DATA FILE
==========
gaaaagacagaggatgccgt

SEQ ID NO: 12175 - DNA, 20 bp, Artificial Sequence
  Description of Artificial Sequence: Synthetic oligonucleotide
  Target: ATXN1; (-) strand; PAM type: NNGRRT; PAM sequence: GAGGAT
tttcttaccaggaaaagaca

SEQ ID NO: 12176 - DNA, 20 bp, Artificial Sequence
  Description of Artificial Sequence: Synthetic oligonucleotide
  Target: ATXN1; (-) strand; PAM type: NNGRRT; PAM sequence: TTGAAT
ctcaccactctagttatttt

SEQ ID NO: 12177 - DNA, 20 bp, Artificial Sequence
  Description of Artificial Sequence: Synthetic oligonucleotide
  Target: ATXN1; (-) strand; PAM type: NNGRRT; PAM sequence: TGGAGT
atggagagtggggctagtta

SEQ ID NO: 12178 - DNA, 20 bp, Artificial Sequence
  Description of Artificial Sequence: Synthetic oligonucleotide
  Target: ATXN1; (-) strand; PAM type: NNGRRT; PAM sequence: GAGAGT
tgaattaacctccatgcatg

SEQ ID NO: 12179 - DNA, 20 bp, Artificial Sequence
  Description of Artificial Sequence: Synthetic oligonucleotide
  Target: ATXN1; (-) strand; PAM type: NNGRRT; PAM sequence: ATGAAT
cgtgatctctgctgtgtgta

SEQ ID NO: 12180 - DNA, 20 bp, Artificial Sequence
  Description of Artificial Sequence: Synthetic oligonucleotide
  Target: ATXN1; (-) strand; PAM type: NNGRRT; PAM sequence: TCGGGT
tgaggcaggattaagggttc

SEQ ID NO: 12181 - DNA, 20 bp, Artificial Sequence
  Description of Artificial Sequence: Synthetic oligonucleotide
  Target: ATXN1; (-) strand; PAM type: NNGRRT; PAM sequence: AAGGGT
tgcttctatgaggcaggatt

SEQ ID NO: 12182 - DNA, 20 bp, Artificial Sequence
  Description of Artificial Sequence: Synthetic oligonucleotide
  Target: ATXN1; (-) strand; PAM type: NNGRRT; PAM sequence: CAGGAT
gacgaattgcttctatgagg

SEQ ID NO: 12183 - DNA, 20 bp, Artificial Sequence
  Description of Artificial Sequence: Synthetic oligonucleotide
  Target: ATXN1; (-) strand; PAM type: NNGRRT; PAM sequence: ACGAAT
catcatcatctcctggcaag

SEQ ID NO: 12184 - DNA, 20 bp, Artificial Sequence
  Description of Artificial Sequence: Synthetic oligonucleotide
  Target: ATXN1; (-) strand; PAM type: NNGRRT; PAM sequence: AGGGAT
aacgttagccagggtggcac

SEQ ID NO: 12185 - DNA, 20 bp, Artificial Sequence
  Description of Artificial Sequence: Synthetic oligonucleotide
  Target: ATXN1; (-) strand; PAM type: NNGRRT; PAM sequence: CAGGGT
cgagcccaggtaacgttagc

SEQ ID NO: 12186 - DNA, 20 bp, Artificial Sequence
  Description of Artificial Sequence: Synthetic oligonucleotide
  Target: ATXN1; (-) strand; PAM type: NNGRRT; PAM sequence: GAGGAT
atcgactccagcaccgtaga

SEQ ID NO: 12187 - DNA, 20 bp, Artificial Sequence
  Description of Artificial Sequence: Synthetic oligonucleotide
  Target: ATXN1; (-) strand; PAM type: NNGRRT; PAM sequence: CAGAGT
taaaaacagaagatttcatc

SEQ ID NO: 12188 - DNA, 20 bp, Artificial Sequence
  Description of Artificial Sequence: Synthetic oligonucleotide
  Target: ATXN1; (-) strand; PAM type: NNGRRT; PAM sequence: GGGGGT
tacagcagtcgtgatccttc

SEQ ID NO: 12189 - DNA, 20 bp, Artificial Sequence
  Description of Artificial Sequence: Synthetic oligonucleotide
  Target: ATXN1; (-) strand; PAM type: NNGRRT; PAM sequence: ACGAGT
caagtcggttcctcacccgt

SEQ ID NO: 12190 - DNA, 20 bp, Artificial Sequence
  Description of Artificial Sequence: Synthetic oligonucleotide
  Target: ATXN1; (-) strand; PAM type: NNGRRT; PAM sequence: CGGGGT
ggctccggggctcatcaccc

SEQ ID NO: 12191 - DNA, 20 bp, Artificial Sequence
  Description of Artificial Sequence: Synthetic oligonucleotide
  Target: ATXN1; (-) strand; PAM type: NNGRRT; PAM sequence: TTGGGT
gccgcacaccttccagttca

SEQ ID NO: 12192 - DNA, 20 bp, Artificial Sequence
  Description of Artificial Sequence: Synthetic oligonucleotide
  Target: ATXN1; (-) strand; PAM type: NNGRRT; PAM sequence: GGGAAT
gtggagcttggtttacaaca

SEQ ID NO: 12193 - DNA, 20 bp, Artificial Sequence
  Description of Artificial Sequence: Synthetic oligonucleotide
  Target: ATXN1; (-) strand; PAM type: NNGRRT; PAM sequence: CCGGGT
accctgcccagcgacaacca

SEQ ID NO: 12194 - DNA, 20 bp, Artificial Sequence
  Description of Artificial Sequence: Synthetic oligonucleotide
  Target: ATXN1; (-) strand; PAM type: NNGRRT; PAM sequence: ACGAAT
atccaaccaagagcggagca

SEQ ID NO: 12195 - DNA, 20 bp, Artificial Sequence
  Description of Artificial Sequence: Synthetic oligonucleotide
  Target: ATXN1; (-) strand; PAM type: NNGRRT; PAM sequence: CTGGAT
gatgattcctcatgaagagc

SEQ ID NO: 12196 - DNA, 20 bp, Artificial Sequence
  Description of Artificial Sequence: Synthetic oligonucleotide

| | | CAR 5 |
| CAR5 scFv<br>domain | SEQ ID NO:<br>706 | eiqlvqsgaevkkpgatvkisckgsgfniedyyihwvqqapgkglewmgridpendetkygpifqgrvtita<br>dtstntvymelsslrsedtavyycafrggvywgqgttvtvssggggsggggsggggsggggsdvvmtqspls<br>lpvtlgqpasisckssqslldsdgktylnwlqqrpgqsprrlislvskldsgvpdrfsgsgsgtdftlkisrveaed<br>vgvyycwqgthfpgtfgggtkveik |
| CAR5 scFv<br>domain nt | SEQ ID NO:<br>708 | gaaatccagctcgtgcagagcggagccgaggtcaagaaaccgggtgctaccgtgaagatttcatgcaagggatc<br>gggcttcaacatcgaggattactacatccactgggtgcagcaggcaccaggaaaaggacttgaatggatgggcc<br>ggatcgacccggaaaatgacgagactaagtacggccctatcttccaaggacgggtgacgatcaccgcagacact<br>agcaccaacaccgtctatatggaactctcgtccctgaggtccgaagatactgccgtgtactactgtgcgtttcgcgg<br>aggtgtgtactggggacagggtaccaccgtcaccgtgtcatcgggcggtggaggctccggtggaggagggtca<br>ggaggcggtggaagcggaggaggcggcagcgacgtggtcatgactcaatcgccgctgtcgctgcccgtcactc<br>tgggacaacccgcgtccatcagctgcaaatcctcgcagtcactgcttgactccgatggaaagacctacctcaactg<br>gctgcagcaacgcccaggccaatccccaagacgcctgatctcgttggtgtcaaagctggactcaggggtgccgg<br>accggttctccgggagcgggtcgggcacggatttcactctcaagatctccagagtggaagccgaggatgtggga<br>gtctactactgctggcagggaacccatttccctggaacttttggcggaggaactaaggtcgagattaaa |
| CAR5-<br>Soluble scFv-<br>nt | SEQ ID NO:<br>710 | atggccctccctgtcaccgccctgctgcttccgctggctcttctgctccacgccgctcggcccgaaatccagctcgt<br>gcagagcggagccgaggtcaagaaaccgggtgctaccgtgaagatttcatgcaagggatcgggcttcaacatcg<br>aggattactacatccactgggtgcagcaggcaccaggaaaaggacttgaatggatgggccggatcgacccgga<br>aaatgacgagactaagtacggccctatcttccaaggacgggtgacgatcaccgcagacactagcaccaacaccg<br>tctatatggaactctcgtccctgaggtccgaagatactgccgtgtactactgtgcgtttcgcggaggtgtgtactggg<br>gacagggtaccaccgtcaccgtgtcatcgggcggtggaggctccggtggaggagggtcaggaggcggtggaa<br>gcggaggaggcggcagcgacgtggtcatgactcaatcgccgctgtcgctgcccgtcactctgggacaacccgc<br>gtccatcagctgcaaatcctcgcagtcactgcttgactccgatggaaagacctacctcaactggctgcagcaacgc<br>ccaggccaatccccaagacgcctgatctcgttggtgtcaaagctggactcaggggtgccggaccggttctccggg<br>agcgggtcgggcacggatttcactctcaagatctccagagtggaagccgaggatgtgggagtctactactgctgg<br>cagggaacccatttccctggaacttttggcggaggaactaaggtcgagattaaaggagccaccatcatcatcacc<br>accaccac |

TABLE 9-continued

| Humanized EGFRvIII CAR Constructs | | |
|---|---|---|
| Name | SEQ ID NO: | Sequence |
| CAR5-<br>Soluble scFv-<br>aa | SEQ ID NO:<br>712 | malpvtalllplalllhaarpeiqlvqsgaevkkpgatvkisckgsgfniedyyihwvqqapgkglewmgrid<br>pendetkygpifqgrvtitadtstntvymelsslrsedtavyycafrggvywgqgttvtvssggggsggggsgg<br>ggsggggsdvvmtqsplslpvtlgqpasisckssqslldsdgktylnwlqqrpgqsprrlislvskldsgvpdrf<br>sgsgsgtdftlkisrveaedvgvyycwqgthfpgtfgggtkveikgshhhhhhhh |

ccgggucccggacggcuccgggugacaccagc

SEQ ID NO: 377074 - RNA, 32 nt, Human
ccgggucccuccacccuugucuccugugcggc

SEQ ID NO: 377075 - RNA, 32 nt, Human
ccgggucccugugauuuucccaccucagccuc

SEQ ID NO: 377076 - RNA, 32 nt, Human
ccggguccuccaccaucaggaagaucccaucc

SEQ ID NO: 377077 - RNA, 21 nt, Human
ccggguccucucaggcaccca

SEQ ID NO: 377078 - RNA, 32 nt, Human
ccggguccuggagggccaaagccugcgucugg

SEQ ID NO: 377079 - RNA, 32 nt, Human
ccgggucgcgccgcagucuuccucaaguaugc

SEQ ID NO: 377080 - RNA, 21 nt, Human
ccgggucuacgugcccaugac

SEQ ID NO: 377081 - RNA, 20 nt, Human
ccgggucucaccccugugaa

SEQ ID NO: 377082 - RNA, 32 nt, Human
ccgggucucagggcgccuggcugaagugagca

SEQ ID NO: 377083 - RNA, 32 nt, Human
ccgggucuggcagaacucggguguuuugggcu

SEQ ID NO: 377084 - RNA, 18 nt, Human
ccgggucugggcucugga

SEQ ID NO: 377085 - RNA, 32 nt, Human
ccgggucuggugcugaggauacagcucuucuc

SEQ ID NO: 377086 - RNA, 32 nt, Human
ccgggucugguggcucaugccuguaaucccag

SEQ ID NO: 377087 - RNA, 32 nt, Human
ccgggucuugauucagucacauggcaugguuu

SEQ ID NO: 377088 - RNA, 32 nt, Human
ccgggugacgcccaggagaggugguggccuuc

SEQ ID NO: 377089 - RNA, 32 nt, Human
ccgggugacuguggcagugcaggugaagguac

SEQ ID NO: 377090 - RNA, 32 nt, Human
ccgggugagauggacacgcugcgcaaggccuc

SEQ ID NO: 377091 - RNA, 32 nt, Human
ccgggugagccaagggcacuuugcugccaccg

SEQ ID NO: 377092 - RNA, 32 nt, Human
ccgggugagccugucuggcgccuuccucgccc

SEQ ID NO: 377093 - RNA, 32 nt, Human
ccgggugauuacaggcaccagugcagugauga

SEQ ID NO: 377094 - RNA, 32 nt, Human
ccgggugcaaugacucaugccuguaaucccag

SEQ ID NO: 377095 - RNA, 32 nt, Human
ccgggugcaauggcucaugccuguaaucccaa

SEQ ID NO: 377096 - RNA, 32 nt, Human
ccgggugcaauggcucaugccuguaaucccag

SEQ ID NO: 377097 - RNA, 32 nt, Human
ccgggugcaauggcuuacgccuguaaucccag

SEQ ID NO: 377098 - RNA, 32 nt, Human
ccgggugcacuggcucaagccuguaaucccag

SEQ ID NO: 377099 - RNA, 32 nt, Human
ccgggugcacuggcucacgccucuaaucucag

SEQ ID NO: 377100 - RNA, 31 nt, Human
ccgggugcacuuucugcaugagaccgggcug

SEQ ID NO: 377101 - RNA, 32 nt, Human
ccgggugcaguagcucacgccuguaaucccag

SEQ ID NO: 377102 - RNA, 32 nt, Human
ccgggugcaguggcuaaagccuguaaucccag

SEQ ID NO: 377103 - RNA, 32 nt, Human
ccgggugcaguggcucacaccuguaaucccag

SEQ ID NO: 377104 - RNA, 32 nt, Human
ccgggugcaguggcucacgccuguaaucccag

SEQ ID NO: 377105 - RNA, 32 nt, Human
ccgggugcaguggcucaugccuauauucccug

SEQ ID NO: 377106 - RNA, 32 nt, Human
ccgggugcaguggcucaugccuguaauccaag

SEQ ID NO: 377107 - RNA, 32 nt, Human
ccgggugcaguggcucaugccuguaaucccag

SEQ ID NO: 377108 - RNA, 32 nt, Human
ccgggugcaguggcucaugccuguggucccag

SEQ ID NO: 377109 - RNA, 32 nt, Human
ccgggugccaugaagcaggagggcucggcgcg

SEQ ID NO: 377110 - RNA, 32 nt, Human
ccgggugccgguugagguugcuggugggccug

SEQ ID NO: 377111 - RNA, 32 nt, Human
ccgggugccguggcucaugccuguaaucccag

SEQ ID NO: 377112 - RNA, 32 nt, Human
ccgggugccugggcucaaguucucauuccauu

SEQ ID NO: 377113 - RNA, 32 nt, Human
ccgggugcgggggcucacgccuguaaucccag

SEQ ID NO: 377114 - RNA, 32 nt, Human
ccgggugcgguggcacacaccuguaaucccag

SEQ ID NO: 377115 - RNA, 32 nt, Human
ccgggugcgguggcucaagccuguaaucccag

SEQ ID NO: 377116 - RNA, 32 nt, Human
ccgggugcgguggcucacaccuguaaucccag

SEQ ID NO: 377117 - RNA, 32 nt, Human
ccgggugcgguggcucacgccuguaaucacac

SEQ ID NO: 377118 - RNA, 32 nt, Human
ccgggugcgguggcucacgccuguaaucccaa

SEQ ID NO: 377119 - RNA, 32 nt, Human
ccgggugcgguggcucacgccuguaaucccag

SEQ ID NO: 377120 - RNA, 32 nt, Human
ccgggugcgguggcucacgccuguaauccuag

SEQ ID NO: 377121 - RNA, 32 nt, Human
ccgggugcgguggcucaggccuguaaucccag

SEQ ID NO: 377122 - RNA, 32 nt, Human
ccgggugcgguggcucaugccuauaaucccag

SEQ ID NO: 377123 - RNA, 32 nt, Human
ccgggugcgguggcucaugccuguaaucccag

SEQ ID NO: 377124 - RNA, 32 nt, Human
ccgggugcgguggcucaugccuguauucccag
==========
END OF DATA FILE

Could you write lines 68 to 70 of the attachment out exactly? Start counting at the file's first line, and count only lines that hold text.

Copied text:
  Target: ATXN1; (-) strand; PAM type: NNGRRT; PAM sequence: TTGGGT
gccgcacaccttccagttca

SEQ ID NO: 12192 - DNA, 20 bp, Artificial Sequence